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Wednesday, December 18, 2013

Diet or Meal Planning? Part 6

Unloading Fats

FBS - 133 this morning.  I was up all night with my dog as he is sick.  I drank coffee to stay awake and none of my normal body functions probably did anything right.  But he appears to be better around Noon today, so hoping I bounce back as well.  Just had my first meal - talk about compounding the problem.

By the way, speaking of dogs, I use the saying a lot "eat my own dog food."  I guess in this case I am not eating my own dog food.

I want to thank each of you again and have a small confession to make.  When I first started this blog I was asked to do so by a couple of my cousins.  Then it started to grow and the readership is now up to about 100 readers or people entering a day.  So here is my small confession - I have just been tired of being a diabetic this past two weeks.  I think I went into a state were my numbers were good, low FBS which is unusual for me, and then I just started feeling sorry for myself.

I JUST WANT TO QUIT BEING A DIABETIC AND LIVE A NORMAL LIFE!!!

But I find strength in knowing all of you are there with me and this blog is what is helping me pull through.  Not sure when I am going to put my head back on straight, but if it was not for you guys, and me not wanting to let you down - I think I would have just given up a couple of weeks ago.  

My Higher Power brought you guys as part of my support team and I really need it now.  And all of this time I thought this was about you.  Funny how Higher Powers can turn things around on us.

Anyway - thanks again for being there.  By the way we added Panama to the growing list of countries.  Welcome Panama to the blog.

I do ask that you continue to raise up Dora to your Higher Power.  She fell out of her wheel chair last weekend - she is okay and getting better but she needs our prayers.  I also want to keep Dr. Bayne's dad in there - he is fighting each day to hang on - so please ask that he gets an opportunity to fight a good fight.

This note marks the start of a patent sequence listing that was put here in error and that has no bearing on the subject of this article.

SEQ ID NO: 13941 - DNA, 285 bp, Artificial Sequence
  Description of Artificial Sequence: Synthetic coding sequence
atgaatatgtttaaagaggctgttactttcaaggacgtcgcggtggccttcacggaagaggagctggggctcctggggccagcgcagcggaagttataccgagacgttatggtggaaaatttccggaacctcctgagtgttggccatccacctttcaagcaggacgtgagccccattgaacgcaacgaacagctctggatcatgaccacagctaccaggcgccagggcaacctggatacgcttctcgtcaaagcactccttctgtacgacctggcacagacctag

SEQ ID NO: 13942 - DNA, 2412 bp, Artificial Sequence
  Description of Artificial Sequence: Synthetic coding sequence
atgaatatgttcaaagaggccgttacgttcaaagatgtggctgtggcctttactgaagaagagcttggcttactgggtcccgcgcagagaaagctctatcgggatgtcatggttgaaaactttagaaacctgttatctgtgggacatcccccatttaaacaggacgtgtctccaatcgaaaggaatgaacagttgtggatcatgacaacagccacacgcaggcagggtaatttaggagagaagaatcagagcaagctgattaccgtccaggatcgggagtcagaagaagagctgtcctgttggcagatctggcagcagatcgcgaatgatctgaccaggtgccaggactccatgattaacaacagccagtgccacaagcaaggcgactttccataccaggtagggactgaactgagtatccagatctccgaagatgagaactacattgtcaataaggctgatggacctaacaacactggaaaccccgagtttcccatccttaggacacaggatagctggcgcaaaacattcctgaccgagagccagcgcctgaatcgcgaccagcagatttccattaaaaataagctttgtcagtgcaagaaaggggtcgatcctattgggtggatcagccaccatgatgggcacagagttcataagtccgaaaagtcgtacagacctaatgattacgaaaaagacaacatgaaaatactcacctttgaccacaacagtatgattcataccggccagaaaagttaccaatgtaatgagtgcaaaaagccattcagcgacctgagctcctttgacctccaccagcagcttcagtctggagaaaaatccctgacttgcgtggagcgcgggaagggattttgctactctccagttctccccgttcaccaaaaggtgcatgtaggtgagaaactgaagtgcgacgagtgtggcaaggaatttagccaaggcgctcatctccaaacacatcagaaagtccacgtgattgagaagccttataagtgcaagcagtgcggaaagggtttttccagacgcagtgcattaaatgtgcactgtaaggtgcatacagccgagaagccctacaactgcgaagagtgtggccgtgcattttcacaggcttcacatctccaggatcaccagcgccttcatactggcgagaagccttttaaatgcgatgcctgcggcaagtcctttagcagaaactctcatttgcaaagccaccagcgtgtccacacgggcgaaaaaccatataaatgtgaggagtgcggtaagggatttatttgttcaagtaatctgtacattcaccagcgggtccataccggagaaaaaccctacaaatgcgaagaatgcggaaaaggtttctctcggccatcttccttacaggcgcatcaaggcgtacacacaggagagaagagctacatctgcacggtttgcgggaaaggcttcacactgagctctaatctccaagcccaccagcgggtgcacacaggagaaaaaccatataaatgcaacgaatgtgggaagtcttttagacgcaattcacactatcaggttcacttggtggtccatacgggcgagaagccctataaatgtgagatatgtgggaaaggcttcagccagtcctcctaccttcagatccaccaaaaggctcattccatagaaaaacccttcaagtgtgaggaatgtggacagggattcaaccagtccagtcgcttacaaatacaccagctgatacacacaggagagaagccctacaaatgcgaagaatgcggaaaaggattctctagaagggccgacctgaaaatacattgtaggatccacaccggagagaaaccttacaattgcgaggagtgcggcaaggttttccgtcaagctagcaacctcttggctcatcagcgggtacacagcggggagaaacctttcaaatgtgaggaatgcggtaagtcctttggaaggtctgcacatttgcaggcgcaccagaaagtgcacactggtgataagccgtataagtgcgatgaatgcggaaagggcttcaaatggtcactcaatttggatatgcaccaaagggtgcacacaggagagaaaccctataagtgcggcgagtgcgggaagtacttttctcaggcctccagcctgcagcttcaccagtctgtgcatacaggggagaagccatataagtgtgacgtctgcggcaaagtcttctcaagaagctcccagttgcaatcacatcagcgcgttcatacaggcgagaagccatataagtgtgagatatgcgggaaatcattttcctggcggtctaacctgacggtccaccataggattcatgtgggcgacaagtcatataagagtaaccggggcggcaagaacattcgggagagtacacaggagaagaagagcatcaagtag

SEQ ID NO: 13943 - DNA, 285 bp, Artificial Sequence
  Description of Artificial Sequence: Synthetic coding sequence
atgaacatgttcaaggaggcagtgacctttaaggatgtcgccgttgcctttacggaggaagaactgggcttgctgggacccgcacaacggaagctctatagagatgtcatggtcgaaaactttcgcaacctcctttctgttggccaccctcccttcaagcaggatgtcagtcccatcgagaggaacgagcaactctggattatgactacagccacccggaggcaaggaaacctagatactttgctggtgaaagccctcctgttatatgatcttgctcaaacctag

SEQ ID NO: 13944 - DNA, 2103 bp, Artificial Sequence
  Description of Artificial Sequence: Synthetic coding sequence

In the last post in this series we were taking a look at the FDA and discussing the food groups they advice us to eliminate.  Again all of this series is building towards putting together a meal plan - like I need one now.  Hope this helps me "eat my own dog food when I am done!"

The second group the FDA wants us to reduce is fats.  We will discuss that but also remember, some fats are good for us so when we talk reducing we are not talking eliminating.

What are fats?

"Dietary fats are found in both plant and animal foods. Fats supply calories and essential fatty acids, and help in the absorption of the fat-soluble vitamins A, D, E, and K. The IOM established acceptable ranges for total fat intake for children and adults (children ages 1 to 3 years: 30–40% of calories; children and adolescents ages 4 to 18 years: 25–35%; adults ages 19 years and older: 20–35%). These ranges are associated with reduced risk of chronic diseases, such as cardiovascular disease, while providing for adequate intake of essential nutrients."

Again, we must keep in mind these are guidelines.  Only you know your body and need to adjust accordingly.  This is done by testing with your home meter on a regular basis.  If you want to lose weight then maybe you cut back a little more than recommended.  If you need to gain some weight, maybe you can add some or the weight gain might come from protein. 

Reduce Solid fats (saturated and trans fatty acids)

"Fatty acids are categorized as being saturated, monounsaturated, or polyunsaturated. Fats contain a mixture of these different kinds of fatty acids. Trans fatty acids are unsaturated fatty acids. However, they are structurally different from the predominant unsaturated fatty acids that occur naturally in plant foods and have dissimilar health effects.

The types of fatty acids consumed are more important in influencing the risk of cardiovascular disease than is the total amount of fat in the diet. Animal fats tend to have a higher proportion of saturated fatty acids (seafood being the major exception), and plant foods tend to have a higher proportion of monounsaturated and/or polyunsaturated fatty acids (coconut oil, palm kernel oil, and palm oil being the exceptions).
Most fats with a high percentage of saturated or trans fatty acids are solid at room temperature and are referred to as “solid fats,” while those with more unsaturated fatty acids are usually liquid at room temperature and are referred to as “oils.” Solid fats are found in most animal foods but also can be made from vegetable oils."